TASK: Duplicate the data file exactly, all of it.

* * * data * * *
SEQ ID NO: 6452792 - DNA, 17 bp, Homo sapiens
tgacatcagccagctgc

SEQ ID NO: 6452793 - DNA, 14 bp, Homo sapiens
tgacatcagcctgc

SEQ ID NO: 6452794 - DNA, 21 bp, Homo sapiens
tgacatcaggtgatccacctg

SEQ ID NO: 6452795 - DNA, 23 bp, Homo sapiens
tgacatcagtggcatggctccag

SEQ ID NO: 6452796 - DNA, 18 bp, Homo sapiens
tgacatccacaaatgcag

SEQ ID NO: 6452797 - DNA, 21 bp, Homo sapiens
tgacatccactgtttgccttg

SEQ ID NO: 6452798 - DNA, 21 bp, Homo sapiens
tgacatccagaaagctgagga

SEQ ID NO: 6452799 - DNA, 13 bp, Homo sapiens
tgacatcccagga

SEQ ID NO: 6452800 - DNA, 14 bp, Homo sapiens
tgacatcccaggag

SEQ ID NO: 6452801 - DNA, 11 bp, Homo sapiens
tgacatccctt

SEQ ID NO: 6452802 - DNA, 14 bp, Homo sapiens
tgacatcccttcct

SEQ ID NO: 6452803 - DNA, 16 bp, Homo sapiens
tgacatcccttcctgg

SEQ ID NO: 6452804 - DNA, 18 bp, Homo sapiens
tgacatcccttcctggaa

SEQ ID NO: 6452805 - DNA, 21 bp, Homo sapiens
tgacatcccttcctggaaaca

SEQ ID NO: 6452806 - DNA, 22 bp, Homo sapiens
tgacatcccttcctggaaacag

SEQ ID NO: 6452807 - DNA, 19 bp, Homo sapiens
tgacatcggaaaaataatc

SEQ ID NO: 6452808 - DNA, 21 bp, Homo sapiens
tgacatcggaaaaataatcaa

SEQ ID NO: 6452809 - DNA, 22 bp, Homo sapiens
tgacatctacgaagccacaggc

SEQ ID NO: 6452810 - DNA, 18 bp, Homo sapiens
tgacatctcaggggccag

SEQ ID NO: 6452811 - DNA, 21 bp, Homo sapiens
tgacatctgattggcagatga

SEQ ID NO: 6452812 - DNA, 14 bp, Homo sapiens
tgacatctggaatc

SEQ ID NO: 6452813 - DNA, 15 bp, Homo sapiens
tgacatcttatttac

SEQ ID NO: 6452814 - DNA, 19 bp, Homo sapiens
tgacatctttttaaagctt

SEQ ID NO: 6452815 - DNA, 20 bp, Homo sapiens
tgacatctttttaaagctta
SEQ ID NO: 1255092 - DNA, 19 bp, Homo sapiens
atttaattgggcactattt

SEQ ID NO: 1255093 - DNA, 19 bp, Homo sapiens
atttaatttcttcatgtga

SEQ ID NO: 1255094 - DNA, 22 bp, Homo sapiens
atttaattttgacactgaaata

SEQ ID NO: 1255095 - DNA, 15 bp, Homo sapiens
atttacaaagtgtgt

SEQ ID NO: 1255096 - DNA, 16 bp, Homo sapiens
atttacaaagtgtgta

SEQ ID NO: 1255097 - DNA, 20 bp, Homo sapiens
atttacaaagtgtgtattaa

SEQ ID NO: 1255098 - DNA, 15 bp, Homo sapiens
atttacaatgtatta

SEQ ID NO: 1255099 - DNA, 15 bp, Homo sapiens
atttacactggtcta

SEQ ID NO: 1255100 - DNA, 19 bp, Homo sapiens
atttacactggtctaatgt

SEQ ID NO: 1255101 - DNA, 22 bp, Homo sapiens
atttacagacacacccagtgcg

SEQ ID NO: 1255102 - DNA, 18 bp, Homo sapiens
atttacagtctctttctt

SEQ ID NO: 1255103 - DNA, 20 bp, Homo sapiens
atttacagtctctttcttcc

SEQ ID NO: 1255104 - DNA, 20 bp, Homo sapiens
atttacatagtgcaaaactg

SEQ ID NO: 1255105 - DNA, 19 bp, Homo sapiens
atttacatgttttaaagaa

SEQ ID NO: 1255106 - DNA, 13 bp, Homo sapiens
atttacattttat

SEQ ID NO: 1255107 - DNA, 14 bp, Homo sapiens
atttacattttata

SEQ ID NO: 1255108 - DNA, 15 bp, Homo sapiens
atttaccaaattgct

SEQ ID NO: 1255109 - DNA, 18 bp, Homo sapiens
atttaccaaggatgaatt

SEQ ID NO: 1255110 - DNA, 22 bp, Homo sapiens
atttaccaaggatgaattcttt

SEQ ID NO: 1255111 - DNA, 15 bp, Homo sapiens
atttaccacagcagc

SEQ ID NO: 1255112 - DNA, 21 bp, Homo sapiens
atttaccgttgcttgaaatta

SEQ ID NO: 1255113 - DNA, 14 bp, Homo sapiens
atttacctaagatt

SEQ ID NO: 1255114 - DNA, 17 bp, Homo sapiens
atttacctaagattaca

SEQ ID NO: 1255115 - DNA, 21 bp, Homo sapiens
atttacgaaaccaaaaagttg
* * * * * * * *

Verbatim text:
SEQ ID NO: 6452792 - DNA, 17 bp, Homo sapiens
tgacatcagccagctgc

SEQ ID NO: 6452793 - DNA, 14 bp, Homo sapiens
tgacatcagcctgc

SEQ ID NO: 6452794 - DNA, 21 bp, Homo sapiens
tgacatcaggtgatccacctg

SEQ ID NO: 6452795 - DNA, 23 bp, Homo sapiens
tgacatcagtggcatggctccag

SEQ ID NO: 6452796 - DNA, 18 bp, Homo sapiens
tgacatccacaaatgcag

SEQ ID NO: 6452797 - DNA, 21 bp, Homo sapiens
tgacatccactgtttgccttg

SEQ ID NO: 6452798 - DNA, 21 bp, Homo sapiens
tgacatccagaaagctgagga

SEQ ID NO: 6452799 - DNA, 13 bp, Homo sapiens
tgacatcccagga

SEQ ID NO: 6452800 - DNA, 14 bp, Homo sapiens
tgacatcccaggag

SEQ ID NO: 6452801 - DNA, 11 bp, Homo sapiens
tgacatccctt

SEQ ID NO: 6452802 - DNA, 14 bp, Homo sapiens
tgacatcccttcct

SEQ ID NO: 6452803 - DNA, 16 bp, Homo sapiens
tgacatcccttcctgg

SEQ ID NO: 6452804 - DNA, 18 bp, Homo sapiens
tgacatcccttcctggaa

SEQ ID NO: 6452805 - DNA, 21 bp, Homo sapiens
tgacatcccttcctggaaaca

SEQ ID NO: 6452806 - DNA, 22 bp, Homo sapiens
tgacatcccttcctggaaacag

SEQ ID NO: 6452807 - DNA, 19 bp, Homo sapiens
tgacatcggaaaaataatc

SEQ ID NO: 6452808 - DNA, 21 bp, Homo sapiens
tgacatcggaaaaataatcaa

SEQ ID NO: 6452809 - DNA, 22 bp, Homo sapiens
tgacatctacgaagccacaggc

SEQ ID NO: 6452810 - DNA, 18 bp, Homo sapiens
tgacatctcaggggccag

SEQ ID NO: 6452811 - DNA, 21 bp, Homo sapiens
tgacatctgattggcagatga

SEQ ID NO: 6452812 - DNA, 14 bp, Homo sapiens
tgacatctggaatc

SEQ ID NO: 6452813 - DNA, 15 bp, Homo sapiens
tgacatcttatttac

SEQ ID NO: 6452814 - DNA, 19 bp, Homo sapiens
tgacatctttttaaagctt

SEQ ID NO: 6452815 - DNA, 20 bp, Homo sapiens
tgacatctttttaaagctta
SEQ ID NO: 1255092 - DNA, 19 bp, Homo sapiens
atttaattgggcactattt

SEQ ID NO: 1255093 - DNA, 19 bp, Homo sapiens
atttaatttcttcatgtga

SEQ ID NO: 1255094 - DNA, 22 bp, Homo sapiens
atttaattttgacactgaaata

SEQ ID NO: 1255095 - DNA, 15 bp, Homo sapiens
atttacaaagtgtgt

SEQ ID NO: 1255096 - DNA, 16 bp, Homo sapiens
atttacaaagtgtgta

SEQ ID NO: 1255097 - DNA, 20 bp, Homo sapiens
atttacaaagtgtgtattaa

SEQ ID NO: 1255098 - DNA, 15 bp, Homo sapiens
atttacaatgtatta

SEQ ID NO: 1255099 - DNA, 15 bp, Homo sapiens
atttacactggtcta

SEQ ID NO: 1255100 - DNA, 19 bp, Homo sapiens
atttacactggtctaatgt

SEQ ID NO: 1255101 - DNA, 22 bp, Homo sapiens
atttacagacacacccagtgcg

SEQ ID NO: 1255102 - DNA, 18 bp, Homo sapiens
atttacagtctctttctt

SEQ ID NO: 1255103 - DNA, 20 bp, Homo sapiens
atttacagtctctttcttcc

SEQ ID NO: 1255104 - DNA, 20 bp, Homo sapiens
atttacatagtgcaaaactg

SEQ ID NO: 1255105 - DNA, 19 bp, Homo sapiens
atttacatgttttaaagaa

SEQ ID NO: 1255106 - DNA, 13 bp, Homo sapiens
atttacattttat

SEQ ID NO: 1255107 - DNA, 14 bp, Homo sapiens
atttacattttata

SEQ ID NO: 1255108 - DNA, 15 bp, Homo sapiens
atttaccaaattgct

SEQ ID NO: 1255109 - DNA, 18 bp, Homo sapiens
atttaccaaggatgaatt

SEQ ID NO: 1255110 - DNA, 22 bp, Homo sapiens
atttaccaaggatgaattcttt

SEQ ID NO: 1255111 - DNA, 15 bp, Homo sapiens
atttaccacagcagc

SEQ ID NO: 1255112 - DNA, 21 bp, Homo sapiens
atttaccgttgcttgaaatta

SEQ ID NO: 1255113 - DNA, 14 bp, Homo sapiens
atttacctaagatt

SEQ ID NO: 1255114 - DNA, 17 bp, Homo sapiens
atttacctaagattaca

SEQ ID NO: 1255115 - DNA, 21 bp, Homo sapiens
atttacgaaaccaaaaagttg